portugal random musings

I am so lonely

Just to put your mind at rest, the blog is a little behind

I am not able to help in the same way on this project, so I am mainly cleaning, and cleaning and cleaning.

I walk around the property and wonder how we will ever be finished, I really can´t see the end of this project, John just says don´t think about it and do some work, I have no idea why he still thinks I would find a comment like this funny, but for some reason he does.

I actually feel quite lost here, I am still struggling with the language, I still speak no more than a couple of words to any body, I have been out with the couple from Manchester to watch the football and they do seem lovely, but I still miss my friends from France, I still miss walking into the town square and speaking to lots of people there, I miss my old life.

I am still very lonely here and homesick, I start to worry that I will never settle, I love the country and the people and the food but something is missing.

It makes life harder for both of us as we are not doing this project with the same excitement, or I´m not, I look at it and feel overwhelmed, John is working like mad and I know it is frustrating for him, that I am not doing as much, but what can I do other than clean and if he makes a joke about it again, I think I may just throw the bucket at him.

It is so hard to describe how this feels at the moment, I hope it is just homesickness and that soon I will get over it, but I am panicking that we made the wrong decision, well it is not we, John is so happy here, I panic that I have made the wrong decision.

It doesn´t help that that the weather is cold and miserable, where is the sun? Apparently this has been one of the coldest and wettest winters ever.

I see a face book post about a meet up in the old village and I leave a comment saying how much I missed them, then I receive a message from the new couple here, saying we will go out and have a nice time, this is such a lovely gesture and for the first time I actually feel that this could work.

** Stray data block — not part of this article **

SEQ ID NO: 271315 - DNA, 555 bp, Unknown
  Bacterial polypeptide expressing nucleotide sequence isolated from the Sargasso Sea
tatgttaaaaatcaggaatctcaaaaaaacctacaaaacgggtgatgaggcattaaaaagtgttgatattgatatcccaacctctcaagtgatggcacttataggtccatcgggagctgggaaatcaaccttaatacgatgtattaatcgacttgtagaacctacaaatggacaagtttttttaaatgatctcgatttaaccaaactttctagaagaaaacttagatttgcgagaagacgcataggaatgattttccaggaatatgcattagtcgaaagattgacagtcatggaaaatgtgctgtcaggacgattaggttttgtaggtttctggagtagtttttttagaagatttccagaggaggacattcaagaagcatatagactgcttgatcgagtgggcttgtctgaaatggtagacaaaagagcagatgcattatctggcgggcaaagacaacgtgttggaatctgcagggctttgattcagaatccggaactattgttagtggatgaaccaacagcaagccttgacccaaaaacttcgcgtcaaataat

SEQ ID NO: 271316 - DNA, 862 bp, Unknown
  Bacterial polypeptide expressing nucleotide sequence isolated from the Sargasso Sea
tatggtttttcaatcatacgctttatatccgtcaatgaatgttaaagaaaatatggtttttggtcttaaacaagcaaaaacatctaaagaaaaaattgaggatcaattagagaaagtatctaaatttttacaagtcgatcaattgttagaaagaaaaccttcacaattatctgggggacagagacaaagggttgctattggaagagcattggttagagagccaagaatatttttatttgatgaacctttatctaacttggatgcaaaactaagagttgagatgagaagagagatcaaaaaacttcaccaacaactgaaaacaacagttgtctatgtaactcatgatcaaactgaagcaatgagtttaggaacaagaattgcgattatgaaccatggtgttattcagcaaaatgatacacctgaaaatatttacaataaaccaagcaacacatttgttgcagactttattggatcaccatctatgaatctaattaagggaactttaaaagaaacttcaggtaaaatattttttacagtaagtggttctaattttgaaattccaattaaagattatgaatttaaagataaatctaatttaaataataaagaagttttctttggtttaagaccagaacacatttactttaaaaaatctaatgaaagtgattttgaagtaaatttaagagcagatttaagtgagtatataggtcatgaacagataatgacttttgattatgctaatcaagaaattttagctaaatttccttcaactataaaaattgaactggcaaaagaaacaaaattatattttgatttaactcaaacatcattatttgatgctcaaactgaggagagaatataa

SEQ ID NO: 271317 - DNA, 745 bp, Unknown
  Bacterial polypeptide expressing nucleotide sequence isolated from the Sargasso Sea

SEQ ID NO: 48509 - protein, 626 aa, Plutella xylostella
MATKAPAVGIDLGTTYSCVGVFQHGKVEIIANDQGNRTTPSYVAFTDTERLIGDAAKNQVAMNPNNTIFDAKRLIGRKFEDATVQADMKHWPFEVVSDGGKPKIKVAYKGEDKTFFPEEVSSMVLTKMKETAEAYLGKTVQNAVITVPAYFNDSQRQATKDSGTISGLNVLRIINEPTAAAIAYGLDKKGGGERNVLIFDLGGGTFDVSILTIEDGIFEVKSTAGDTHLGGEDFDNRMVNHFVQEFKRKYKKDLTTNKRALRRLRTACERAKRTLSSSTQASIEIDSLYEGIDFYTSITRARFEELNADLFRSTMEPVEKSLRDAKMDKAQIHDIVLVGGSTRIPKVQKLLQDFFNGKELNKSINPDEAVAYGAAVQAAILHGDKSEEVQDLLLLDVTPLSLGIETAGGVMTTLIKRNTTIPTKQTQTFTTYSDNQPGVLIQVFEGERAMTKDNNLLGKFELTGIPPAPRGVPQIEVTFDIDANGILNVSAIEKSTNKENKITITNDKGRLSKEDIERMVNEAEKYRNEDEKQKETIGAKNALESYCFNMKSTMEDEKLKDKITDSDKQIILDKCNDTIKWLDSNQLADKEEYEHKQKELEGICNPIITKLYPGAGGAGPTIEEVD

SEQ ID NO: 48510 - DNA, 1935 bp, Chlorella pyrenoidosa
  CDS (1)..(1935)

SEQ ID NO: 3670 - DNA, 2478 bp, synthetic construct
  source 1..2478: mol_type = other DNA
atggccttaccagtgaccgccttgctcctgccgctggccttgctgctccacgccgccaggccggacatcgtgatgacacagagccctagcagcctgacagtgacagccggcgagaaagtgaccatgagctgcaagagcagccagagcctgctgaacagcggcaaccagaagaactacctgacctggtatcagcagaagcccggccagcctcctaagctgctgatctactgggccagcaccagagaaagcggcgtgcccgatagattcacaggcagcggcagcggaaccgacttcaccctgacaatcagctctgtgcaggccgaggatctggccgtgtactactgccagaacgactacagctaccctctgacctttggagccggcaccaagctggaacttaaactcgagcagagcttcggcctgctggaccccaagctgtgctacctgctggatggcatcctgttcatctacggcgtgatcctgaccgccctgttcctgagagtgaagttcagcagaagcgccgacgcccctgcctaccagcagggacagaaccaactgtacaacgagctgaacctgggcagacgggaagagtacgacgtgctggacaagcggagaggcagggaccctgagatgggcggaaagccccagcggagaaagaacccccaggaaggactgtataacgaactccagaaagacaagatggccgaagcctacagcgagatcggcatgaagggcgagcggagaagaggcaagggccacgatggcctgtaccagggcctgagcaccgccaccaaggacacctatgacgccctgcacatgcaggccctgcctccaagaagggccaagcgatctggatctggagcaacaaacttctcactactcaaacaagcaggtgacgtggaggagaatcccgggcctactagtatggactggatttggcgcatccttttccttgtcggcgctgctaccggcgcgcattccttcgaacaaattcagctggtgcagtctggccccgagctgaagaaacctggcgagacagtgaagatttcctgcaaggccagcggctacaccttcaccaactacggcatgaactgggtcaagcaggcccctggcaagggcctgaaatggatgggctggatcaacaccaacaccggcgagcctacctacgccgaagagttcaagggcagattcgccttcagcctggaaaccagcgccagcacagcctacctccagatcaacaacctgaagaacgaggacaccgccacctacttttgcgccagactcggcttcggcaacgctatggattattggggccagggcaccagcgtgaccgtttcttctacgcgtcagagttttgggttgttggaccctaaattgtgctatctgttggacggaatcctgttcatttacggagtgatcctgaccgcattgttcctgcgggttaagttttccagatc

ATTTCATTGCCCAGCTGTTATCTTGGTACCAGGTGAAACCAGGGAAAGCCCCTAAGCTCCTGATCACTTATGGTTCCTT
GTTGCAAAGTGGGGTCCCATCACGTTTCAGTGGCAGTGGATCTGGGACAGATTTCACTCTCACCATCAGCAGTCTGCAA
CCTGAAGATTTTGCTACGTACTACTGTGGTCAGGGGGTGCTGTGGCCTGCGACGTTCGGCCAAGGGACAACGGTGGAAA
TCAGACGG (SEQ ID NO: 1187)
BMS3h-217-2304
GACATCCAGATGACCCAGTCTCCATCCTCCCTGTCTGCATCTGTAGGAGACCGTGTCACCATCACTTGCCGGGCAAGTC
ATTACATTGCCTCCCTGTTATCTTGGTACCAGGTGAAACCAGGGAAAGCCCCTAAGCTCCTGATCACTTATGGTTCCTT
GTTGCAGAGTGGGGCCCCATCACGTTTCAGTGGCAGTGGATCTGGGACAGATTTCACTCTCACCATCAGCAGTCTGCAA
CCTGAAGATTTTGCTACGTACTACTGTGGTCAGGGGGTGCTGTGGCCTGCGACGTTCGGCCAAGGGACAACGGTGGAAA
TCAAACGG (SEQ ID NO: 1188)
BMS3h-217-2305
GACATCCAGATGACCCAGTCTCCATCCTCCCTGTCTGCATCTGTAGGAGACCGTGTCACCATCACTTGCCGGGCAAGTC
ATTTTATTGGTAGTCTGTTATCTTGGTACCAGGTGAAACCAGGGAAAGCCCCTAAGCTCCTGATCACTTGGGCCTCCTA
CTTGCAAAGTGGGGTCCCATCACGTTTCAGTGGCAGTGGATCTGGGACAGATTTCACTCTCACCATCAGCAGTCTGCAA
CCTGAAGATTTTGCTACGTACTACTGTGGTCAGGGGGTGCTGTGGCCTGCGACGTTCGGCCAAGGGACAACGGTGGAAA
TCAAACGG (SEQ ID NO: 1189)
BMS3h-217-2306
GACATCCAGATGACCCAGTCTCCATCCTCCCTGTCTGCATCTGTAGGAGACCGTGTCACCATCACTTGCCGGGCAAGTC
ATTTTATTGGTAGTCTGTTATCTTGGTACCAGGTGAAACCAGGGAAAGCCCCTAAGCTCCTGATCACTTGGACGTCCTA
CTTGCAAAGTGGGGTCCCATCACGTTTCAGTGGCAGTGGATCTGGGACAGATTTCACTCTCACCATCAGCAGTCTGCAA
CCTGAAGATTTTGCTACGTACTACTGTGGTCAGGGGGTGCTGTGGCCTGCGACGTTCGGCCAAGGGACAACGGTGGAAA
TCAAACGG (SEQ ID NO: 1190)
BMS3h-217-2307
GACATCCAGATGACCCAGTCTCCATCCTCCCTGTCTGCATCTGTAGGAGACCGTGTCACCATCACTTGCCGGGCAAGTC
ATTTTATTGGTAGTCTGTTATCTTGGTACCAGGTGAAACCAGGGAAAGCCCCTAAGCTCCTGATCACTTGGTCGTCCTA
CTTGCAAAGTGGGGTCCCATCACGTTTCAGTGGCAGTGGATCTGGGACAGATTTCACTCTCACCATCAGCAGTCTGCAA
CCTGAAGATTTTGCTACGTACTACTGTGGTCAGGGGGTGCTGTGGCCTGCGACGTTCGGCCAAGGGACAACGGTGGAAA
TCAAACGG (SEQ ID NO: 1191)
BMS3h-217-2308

I think I will always be homesick for France, I loved it there, but hopefully once the weather and my language skills improve things will get better.

If you are planning to move to another country be prepared for days like these, they will happen no matter how much you love your new life. But the most important thing is to support each other, John and I had been bickering rather than supporting, and this does not help.

You need to talk to each other, and see each other through the rough patches, as this is all it is, a rough patch, admittedly it has lasted longer than I had hoped but I know it will get better, once we can use the kitchen and actually be able to sit somewhere in comfort, once the garden is completed, really once I can see the light at the end of the tunnel, but for the moment I can only see non stop dirt and no end, I actually start to wonder if it is homesickness I am feeling or just a deep feeling of overwhelmed, I have a feeling it is the latter, which improves my spirits along with a Skype with some old friends.

Top tips

  • Don´t beat yourself up if you are not happy everyday
  • Living in a renovation is not always a bed of roses
  • The TV programs are not real (they have crappy days as well)
  • Easier than it sounds, but try not to take out your frustrations on each other
  • But remember if you feel like this constantly, then have the discussion about whether you made the right decision, there is nothing wrong with saying. I have changed my mind
  • Learn the language of the country you are going to, it can be difficult but it makes life a lot easier
  • Stay in touch with old friends, but try to meet new people
  • Remember you are only having a bad day, it will get better and if it doesn´t read the above tips

13 comments on “I am so lonely

  1. devoncream

    Hi Jenny,
    As ever, well done for being so honest – it’s what I love about yr blog. You tell the crap as it is, as well as the good bits. TV will edit up mini crises to inject a bit of drama to these foreign makeover shows but they never really show the sheer drudgery that has to go into them.